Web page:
Asiya Sururu Mohamed, 29

Kenya’s pioneer para-rower

Paralympics
My Story

Asiya’s eyes light up when she talks about sports. She plays seven: Wheelchair tennis, badminton, para-rowing, sitting volleyball, chess, scrabble, darts, javelin, and shotput. Her favourite sport? “I’m actually an F1 enthusiast. I love speed, I love thrills. I love [Lewis] Hamilton.”

But it is para-rowing, a sport where the disabled compete in water, that has brought her fame. She is a trailblazer. She was Kenya’s pioneer para-rower at the Paralympics in August 2021 in Tokyo.

Beneath the mask of achievement is one of wistfulness. “I started para-rowing in December 2018. Someone called me at Tudor Water Sports in Mombasa during a tennis tournament and told me, come try para-rowing, see if you like it.” Tennis Kenya recommended her when the World Rowing Federation was looking for parathletes to compete in the Olympic qualifiers.

“But I didn’t know how to swim.” She capsized immediately.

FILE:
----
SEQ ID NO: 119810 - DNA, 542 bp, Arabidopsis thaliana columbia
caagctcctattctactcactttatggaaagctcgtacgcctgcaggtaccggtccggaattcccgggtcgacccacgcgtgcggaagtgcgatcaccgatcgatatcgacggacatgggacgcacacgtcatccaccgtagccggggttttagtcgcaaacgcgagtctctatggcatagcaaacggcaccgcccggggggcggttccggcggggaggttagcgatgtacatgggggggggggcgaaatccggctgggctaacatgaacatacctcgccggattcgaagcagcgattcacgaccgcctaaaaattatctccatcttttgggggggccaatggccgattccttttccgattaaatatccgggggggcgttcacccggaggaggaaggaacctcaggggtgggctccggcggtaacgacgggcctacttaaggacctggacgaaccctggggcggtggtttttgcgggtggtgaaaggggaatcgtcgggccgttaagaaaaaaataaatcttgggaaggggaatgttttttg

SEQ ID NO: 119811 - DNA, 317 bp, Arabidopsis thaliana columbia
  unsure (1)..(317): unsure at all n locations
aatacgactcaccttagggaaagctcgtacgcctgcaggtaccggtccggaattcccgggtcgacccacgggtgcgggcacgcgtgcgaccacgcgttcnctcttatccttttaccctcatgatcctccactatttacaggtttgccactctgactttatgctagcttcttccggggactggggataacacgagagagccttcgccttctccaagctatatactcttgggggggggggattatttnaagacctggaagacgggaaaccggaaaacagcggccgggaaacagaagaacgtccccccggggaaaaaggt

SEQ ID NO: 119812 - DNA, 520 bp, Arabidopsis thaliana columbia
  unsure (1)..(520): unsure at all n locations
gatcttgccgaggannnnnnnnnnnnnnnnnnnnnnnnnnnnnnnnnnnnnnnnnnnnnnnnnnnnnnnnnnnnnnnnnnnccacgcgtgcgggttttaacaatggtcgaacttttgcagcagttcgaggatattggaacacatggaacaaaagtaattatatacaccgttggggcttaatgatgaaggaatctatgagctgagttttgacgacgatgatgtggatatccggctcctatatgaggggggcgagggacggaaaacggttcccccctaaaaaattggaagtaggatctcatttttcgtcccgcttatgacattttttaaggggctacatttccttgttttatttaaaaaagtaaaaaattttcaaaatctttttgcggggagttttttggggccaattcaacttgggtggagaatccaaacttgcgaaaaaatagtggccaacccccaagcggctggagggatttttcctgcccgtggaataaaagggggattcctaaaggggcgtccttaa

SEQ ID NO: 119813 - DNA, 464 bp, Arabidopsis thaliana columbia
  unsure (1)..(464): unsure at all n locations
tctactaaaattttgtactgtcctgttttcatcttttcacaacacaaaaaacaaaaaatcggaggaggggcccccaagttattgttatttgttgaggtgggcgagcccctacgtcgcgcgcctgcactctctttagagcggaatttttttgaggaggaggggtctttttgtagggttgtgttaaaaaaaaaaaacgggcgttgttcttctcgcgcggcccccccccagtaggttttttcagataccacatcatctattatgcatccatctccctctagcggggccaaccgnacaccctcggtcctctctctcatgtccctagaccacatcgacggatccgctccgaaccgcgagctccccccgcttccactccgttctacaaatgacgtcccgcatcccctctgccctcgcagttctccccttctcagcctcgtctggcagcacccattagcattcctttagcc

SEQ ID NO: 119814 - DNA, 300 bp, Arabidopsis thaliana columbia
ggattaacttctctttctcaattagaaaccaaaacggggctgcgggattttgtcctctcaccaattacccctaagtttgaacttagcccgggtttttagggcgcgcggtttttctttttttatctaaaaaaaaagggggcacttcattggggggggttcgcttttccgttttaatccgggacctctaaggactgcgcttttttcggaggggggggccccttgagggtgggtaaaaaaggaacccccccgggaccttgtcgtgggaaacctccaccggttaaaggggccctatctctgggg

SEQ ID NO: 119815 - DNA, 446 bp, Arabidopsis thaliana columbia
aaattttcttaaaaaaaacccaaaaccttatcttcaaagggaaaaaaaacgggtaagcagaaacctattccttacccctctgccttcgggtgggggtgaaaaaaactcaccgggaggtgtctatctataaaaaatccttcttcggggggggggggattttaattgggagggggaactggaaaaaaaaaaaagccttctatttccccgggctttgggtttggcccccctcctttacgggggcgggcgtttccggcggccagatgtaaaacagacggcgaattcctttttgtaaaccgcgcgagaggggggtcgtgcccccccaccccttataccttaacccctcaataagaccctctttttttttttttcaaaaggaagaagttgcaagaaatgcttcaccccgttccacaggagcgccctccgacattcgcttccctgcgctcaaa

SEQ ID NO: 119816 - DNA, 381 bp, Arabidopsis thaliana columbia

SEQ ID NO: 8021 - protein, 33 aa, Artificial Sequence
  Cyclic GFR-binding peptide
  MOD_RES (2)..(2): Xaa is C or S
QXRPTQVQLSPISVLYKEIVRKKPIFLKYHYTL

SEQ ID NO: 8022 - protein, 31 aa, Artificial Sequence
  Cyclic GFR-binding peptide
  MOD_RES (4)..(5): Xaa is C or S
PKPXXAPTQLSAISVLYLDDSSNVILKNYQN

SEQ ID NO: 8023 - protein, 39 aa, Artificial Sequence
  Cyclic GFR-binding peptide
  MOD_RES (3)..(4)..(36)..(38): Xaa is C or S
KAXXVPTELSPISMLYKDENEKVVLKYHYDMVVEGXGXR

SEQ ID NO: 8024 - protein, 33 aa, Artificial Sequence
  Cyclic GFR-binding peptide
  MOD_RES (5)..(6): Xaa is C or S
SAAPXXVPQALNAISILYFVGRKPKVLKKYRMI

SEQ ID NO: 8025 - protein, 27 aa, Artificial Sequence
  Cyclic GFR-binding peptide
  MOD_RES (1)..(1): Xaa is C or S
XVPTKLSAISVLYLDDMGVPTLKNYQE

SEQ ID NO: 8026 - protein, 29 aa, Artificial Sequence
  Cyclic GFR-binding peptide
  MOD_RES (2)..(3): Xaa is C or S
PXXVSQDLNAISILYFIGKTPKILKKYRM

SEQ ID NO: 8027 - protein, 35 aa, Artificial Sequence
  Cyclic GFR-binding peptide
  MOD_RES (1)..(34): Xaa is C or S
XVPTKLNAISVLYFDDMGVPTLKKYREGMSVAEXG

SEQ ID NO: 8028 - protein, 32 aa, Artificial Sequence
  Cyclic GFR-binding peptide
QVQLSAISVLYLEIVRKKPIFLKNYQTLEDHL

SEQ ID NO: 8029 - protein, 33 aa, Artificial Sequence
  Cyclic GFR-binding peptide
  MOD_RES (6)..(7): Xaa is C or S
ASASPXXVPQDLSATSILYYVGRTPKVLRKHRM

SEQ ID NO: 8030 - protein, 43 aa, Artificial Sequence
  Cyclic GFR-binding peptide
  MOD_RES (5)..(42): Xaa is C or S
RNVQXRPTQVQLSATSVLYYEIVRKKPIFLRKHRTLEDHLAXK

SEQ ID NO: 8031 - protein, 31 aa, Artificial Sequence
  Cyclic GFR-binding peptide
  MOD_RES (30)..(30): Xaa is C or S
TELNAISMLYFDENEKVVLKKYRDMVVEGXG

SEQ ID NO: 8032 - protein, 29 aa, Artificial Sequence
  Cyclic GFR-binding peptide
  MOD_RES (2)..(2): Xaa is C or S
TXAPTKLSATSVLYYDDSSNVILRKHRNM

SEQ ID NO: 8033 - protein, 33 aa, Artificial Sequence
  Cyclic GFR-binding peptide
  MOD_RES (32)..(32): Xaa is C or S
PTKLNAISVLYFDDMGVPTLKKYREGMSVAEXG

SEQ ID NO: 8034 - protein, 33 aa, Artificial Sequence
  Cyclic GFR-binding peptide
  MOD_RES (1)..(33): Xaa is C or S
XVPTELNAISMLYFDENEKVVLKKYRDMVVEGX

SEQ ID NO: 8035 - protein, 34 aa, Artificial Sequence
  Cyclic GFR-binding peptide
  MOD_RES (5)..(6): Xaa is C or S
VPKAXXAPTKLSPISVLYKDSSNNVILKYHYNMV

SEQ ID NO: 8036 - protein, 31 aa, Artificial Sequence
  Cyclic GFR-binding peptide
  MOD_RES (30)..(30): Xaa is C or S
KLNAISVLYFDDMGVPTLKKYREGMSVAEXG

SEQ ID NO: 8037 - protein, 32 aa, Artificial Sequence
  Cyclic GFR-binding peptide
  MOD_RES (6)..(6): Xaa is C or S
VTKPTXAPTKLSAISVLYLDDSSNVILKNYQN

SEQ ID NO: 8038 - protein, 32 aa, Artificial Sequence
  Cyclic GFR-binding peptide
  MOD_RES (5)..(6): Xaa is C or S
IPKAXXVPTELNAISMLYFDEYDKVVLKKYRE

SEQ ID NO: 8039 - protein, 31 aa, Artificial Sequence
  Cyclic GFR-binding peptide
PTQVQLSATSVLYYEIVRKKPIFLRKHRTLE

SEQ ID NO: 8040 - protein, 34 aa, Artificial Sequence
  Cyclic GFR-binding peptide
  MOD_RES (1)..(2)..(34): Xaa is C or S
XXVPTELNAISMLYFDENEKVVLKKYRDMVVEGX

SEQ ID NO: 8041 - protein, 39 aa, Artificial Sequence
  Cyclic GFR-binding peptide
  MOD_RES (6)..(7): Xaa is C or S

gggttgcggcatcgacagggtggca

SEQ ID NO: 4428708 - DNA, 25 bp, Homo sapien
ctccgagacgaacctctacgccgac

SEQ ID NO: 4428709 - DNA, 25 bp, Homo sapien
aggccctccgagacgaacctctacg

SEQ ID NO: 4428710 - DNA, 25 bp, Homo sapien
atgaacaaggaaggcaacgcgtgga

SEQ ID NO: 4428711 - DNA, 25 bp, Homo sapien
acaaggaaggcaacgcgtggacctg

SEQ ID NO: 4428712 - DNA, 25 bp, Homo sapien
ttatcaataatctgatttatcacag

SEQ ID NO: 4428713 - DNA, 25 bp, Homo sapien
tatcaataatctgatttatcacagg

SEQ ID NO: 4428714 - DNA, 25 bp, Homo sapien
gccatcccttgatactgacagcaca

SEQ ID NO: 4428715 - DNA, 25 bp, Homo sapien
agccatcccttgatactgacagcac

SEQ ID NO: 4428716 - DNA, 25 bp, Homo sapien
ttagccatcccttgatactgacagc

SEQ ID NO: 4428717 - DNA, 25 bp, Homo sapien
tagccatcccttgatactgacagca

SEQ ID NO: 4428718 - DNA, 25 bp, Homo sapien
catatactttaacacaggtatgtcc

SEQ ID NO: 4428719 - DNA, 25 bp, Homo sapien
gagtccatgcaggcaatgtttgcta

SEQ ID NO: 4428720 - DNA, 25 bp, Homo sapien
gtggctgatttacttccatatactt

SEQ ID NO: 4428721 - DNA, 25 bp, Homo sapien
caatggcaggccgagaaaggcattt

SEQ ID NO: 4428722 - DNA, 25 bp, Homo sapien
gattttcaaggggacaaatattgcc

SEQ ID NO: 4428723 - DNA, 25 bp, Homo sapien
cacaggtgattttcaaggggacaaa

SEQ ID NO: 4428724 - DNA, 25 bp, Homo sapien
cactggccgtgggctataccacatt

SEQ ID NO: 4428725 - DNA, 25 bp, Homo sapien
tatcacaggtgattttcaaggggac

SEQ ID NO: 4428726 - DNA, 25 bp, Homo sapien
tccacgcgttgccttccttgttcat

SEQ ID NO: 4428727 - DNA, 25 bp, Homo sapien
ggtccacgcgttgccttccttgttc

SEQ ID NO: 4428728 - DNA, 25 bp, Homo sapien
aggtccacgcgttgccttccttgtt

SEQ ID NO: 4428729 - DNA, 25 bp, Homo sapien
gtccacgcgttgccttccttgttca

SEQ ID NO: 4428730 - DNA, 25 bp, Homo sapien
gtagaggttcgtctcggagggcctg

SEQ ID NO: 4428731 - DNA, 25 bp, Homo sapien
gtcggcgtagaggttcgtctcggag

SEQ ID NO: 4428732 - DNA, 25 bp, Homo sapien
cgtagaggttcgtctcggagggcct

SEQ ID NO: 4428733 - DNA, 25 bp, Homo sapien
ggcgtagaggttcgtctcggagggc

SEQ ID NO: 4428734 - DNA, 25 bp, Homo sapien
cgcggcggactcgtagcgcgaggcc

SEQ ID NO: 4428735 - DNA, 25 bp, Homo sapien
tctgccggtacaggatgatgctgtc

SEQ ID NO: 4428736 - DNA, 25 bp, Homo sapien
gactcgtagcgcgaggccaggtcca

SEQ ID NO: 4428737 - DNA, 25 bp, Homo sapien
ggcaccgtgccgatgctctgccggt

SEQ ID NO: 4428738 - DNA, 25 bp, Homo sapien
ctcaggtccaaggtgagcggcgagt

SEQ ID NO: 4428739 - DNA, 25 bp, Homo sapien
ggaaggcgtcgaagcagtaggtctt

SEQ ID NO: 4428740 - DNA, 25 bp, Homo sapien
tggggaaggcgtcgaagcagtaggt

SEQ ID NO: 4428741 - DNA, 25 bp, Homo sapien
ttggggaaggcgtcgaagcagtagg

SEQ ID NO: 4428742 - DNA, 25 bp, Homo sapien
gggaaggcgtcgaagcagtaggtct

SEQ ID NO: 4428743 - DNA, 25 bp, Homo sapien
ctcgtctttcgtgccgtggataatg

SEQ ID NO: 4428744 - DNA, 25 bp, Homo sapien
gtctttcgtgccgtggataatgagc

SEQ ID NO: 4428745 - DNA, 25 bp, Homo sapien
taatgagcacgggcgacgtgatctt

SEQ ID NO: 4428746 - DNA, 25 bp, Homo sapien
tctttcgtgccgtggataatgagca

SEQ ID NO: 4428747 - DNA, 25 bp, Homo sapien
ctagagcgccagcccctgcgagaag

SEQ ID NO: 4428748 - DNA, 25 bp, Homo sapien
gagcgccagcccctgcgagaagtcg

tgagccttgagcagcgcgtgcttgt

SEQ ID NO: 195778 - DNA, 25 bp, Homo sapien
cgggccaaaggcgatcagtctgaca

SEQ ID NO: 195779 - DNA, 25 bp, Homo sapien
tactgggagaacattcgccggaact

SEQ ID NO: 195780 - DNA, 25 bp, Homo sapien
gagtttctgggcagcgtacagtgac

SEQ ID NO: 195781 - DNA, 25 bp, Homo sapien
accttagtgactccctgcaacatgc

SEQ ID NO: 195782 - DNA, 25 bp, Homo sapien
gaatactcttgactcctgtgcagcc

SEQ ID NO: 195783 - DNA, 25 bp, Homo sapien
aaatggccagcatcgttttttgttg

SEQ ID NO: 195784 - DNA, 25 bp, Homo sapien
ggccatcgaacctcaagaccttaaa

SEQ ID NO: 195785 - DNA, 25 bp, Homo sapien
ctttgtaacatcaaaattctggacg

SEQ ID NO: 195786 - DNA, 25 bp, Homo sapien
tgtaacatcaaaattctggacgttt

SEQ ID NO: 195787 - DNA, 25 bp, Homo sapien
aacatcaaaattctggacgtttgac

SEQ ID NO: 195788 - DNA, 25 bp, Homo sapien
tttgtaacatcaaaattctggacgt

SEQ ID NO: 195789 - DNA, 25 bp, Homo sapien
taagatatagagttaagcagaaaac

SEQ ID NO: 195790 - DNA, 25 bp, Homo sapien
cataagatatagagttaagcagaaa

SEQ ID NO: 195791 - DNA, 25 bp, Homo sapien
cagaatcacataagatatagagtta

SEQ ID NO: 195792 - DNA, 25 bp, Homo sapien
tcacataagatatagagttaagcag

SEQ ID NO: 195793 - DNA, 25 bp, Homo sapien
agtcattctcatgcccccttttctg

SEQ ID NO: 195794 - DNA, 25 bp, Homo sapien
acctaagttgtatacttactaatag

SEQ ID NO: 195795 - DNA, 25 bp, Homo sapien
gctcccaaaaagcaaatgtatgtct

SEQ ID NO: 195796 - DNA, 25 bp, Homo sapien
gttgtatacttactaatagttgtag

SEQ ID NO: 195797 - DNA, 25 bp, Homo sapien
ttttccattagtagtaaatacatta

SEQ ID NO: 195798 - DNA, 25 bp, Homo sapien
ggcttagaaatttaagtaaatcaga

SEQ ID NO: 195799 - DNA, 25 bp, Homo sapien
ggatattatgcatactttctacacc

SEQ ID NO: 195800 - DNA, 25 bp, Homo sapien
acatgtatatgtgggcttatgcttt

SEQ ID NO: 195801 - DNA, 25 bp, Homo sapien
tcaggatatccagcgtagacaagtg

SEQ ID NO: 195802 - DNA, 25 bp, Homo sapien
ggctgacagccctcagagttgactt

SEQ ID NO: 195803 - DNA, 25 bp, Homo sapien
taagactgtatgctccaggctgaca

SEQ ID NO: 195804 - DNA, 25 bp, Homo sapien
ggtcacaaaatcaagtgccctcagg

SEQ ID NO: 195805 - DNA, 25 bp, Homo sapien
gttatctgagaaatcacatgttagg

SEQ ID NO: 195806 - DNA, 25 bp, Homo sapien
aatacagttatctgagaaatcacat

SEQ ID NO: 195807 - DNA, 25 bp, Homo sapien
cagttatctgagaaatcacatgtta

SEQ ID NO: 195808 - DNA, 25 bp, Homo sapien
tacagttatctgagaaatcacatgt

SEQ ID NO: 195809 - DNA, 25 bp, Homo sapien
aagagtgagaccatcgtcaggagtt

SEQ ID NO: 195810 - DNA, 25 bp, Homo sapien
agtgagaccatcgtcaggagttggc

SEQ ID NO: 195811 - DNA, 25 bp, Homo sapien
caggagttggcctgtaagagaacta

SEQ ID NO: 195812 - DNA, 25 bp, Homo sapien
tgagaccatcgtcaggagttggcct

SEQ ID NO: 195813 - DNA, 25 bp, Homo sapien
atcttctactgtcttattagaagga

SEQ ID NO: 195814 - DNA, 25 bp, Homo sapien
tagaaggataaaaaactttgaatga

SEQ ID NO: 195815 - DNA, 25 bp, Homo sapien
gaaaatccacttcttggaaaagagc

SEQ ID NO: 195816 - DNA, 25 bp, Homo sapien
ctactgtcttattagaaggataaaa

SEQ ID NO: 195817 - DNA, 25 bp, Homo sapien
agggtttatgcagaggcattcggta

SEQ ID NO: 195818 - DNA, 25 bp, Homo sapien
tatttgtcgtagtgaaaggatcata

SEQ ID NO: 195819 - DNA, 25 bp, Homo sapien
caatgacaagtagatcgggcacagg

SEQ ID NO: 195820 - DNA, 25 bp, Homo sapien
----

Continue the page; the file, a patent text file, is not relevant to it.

"“I was once asked if I had to choose between getting my legs back and getting my parents back. I would choose my parents.”"

Born in Mombasa, Asiya was raised by the world. “My father got a stroke when he witnessed my legs mowed by a train when I was two years old. He died soon after. My mother passed on not too long after that. My maternal aunt raised me and when she later died, my cousins took over.”

What does she think about when para-rowing? “Nothing really,” adding that she practices every morning. “Everything is still, I’m at peace,” she gushes about qualifying for the Paralympics (Tokyo, 2020). She recalls rowing in a zig-zag, passing everyone, and learning much later, one is supposed to row in a straight line. She laughs.

Would she change anything? “I was once asked if I had to choose between getting my legs back and getting my parents back?” She pauses. “I would choose my parents.”

What’s her biggest struggle currently? “Donors. Rowing is very expensive.” She tells me her boat is yet to arrive in Kenya. “Daily training at Tudor Water Sports requires finance.”

Asiya loves dancing and easily accepts failure. “To me, failure is a rite of passage. How can you enjoy success without a tinge of failure?”

Her role models “I love Jessica Long {an American Paralympic swimmer who has won 50 championships} but I identify with Catherine Ndereba {a Kenyan marathon runner}, her struggles, her journey. And my coaches, to who I owe my career. I am because of them.”

She has a restlessness, burning ambition to be the best and not allow the grass to grow under her feet.

Eddy Ashioya